Template talk:CJKV

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it need Hanja (hj) and Kanji (kj) for korea and Japan relate article (otherwise display "chinese character : XX; hangul:xx", but the hanja «XX» is maybe not a Chinese character). (talk) 06:09, 24 April 2008 (UTC)

Japanese romanji[edit]

Pinyin is included, how about Japanese romanji as well? The transliteration is quite different. Example: for the Darkstalkers character Hsien-Ko, whose name in the Japanese version is Shao Lei-Lei (少泪泪), in pinyin you get Shǎo Lèilèi and in romanji you get Shou Reirei. --Geopgeop (T) 16:48, 8 July 2008 (UTC)


It seems that the "w" parameter in this template is in practice problematic. Strictly speaking, the Wade-Giles system marks for tone, with numerals (and, in fact, this is rarely seen in popular literature, partly because of the reluctance of publishers). I think that adding a parameter to the template for modified Wade-Giles would be a way to resolve this inaccurate practice. Dcattell (talk) 21:21, 16 September 2010 (UTC)


Look at this article, the pinyin and the Jyutping part are not separated by a semicolon. Gugganij (talk) 18:08, 27 October 2010 (UTC)

Yes, it's broken. A bit late but I've restored the Chinese using {{zh}}. Compare
{{CJKV}}: traditional Chinese: 黃飛鴻; simplified Chinese: 黄飞鸿; pinyin: Huáng Fēihóng; Cantonese Jyutping: Wong4 Fei1hung4
{{zh}}: traditional Chinese: 黃飛鴻; simplified Chinese: 黄飞鸿; pinyin: Huáng Fēihóng; Jyutping: Wong4 Fei1hung4
It also broken when s = t = j (it leaves a semi-colon at the end - see the example in the template documentation), and is missing language tags for romanisations. For these and other reasons we're discussing merging this template with {{zh}}. See the discussion at Module_talk:Zh#CJKV.--JohnBlackburnewordsdeeds 13:36, 26 May 2014 (UTC)

As well as the above problem:

{{CJKV|t=黃飛鴻|s=黄飞鸿|cj=Wong4 Fei1hung4|p=Huáng Fēihóng}}
traditional Chinese: 黃飛鴻; simplified Chinese: 黄飞鸿; pinyin: Huáng Fēihóng; Cantonese Jyutping: Wong4 Fei1hung4

there's another that"s been introduced and is visible in the documentation

traditional Chinese: 黃飛鴻

Looking at the source, with problems persisting for years and new ones being introduced, the code now is just too intractable to work with. Past time for converting it to Lua I think.--JohnBlackburnewordsdeeds 00:01, 16 April 2015 (UTC)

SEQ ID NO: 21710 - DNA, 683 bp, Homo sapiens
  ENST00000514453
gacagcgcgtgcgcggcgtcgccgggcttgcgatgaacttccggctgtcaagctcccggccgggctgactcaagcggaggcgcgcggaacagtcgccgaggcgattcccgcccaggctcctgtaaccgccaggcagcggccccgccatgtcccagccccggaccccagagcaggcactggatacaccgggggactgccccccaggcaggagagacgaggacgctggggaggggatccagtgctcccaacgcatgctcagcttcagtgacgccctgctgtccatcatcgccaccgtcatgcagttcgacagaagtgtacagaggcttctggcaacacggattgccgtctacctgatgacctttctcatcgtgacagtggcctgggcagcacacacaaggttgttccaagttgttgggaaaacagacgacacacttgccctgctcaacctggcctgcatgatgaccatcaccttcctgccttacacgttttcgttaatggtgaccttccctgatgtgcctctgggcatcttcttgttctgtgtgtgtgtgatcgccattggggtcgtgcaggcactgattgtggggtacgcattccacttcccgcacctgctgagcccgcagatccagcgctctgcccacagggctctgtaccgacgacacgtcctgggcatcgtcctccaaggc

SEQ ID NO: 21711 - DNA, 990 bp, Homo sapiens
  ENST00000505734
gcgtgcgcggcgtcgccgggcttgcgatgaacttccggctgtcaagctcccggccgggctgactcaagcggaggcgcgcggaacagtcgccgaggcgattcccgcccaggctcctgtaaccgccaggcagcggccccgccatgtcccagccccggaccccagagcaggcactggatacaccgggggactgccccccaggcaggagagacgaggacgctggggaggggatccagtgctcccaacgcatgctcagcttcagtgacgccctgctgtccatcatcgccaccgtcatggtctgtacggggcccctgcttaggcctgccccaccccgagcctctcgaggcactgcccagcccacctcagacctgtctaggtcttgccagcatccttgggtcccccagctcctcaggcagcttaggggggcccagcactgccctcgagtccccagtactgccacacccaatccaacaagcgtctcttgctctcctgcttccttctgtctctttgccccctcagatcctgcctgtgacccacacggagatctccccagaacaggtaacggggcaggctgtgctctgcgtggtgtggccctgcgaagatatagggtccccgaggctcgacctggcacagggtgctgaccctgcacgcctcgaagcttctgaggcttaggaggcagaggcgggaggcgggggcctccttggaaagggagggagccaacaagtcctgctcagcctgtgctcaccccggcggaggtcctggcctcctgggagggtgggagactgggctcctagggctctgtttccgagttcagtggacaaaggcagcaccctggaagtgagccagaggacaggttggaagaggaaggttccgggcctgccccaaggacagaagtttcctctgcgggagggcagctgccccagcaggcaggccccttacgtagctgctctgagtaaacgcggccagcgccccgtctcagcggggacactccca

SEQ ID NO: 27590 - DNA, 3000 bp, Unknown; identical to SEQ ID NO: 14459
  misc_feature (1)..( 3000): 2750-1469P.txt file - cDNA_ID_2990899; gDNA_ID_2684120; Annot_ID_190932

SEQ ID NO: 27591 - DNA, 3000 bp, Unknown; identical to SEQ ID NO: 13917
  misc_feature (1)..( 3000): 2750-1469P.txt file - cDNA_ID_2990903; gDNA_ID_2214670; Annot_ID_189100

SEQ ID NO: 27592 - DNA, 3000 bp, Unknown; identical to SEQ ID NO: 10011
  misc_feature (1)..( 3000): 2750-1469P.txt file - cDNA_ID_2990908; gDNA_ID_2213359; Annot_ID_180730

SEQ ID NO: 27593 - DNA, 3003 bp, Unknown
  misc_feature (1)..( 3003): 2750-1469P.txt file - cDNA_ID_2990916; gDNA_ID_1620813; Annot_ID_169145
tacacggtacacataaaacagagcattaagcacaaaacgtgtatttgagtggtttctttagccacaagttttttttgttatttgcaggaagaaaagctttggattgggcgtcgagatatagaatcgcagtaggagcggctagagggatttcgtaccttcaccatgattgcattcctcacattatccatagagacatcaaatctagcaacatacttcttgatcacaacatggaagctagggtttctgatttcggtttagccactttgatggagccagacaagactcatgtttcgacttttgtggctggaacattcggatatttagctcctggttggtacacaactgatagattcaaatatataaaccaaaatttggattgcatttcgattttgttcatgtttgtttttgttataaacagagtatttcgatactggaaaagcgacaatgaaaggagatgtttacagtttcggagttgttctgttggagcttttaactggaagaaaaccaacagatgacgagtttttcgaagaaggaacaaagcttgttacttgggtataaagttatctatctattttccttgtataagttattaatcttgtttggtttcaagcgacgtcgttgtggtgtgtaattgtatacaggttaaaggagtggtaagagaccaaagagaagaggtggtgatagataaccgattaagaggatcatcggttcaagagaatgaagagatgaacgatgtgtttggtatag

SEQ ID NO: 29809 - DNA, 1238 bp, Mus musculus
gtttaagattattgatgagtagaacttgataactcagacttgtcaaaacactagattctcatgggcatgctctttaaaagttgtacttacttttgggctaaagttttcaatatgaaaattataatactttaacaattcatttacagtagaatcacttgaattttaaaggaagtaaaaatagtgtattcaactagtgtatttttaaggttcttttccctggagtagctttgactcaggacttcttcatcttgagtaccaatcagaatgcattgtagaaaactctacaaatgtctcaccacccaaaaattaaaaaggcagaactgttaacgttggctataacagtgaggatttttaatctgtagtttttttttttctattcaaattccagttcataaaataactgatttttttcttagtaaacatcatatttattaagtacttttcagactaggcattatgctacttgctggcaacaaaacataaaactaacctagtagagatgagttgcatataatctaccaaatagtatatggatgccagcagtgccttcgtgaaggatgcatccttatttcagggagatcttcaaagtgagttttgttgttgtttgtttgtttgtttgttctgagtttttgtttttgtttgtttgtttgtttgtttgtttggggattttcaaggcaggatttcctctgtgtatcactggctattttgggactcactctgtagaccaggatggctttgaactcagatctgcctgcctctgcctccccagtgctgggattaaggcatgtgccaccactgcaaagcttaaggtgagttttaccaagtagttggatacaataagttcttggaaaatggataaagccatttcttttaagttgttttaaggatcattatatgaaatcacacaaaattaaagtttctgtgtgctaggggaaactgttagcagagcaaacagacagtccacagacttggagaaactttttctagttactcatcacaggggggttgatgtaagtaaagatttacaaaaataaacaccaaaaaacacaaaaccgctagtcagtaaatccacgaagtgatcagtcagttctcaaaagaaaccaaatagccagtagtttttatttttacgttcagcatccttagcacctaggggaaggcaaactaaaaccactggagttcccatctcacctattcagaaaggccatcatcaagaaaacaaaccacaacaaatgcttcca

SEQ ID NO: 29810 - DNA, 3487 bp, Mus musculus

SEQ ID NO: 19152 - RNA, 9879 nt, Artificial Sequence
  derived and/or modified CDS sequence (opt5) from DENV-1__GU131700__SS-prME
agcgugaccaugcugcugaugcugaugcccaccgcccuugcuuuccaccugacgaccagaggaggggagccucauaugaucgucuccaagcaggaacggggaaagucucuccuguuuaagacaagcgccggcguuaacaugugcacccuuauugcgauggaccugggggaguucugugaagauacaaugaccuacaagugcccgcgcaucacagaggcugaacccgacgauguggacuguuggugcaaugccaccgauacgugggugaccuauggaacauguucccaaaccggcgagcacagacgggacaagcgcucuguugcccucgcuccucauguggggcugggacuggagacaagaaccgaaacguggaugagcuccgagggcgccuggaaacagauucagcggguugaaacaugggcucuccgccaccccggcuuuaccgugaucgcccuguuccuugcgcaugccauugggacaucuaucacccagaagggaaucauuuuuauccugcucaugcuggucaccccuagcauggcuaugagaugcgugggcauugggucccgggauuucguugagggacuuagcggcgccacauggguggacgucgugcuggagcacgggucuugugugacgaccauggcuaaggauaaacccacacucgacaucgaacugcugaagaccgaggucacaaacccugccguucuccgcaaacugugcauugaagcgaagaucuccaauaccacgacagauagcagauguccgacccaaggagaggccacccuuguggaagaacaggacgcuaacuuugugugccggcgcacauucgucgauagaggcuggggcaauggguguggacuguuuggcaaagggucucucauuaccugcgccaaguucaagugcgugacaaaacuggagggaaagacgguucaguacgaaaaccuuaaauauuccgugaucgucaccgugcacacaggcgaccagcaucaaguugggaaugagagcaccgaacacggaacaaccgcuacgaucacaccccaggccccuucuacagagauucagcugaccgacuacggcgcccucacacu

I'm trying to fixed it TheInfernoX (talk) 00:50, 16 April 2015 (UTC)
Fixed! TheInfernoX (talk)

One more:

Chinese and Japanese: 李四

Given its complexity it would be better to work on this in the template's sandbox, rather than in the live template. Then any errors can be checked and fixed there, in the testcases, before the changes are brought across to the main template.--JohnBlackburnewordsdeeds 01:53, 16 April 2015 (UTC)

Isn't {{CJKV|t=李四|s=李四}} suppose to give "Chinese: 李四" according to the template's documentation? TheInfernoX (talk)
The problem is the trailing semi-colon, as in the earlier {{CJKV|t=黃飛鴻}} example. The last example had two semicolons when I posted it. It’s pretty much the same problem that proved hard to solve in {{zh}} using parser functions.--JohnBlackburnewordsdeeds 02:18, 16 April 2015 (UTC)
Fixed all bugs! Should have no errors now... If there is, let me know. TheInfernoX (talk) 06:47, 16 April 2015 (UTC)

HALP there's syntax errors[edit]

@TheInfernoX: What triggers Romaji v. Japanese pronunciation and Romaja v. Korean pronunciation? I can't figure it out nor does it appear in the documentation (also, please put it in the documentation). Ogress smash! 03:26, 7 August 2015 (UTC)

"Japanese pronunciation" appears when the parameter for Japanese "j=" is missing, otherwise "romaji" will appear. Same goes for "romaja" vs. "Korean pronunciation". This is useful in cases where, for example, the Korean hangul parameter "k=" is missing somehow in the article, but the hanja is equivalent to their Chinese counterpart.
For example,
Chinese: 漢字; Korean: 한자; romaja: Hanja
Chinese: 漢字; Korean pronunciation: Hanja
This is an intentional behaviour.
It doesn't make sense for "Chinese: 漢字; romaja: Hanja" to appear, instead of "Chinese: 漢字; Korean pronunciation: Hanja", doesn't it?
Thanks for the hands up, I will update the documentation soon. TheInfernoX (talk) 05:54, 7 August 2015 (UTC)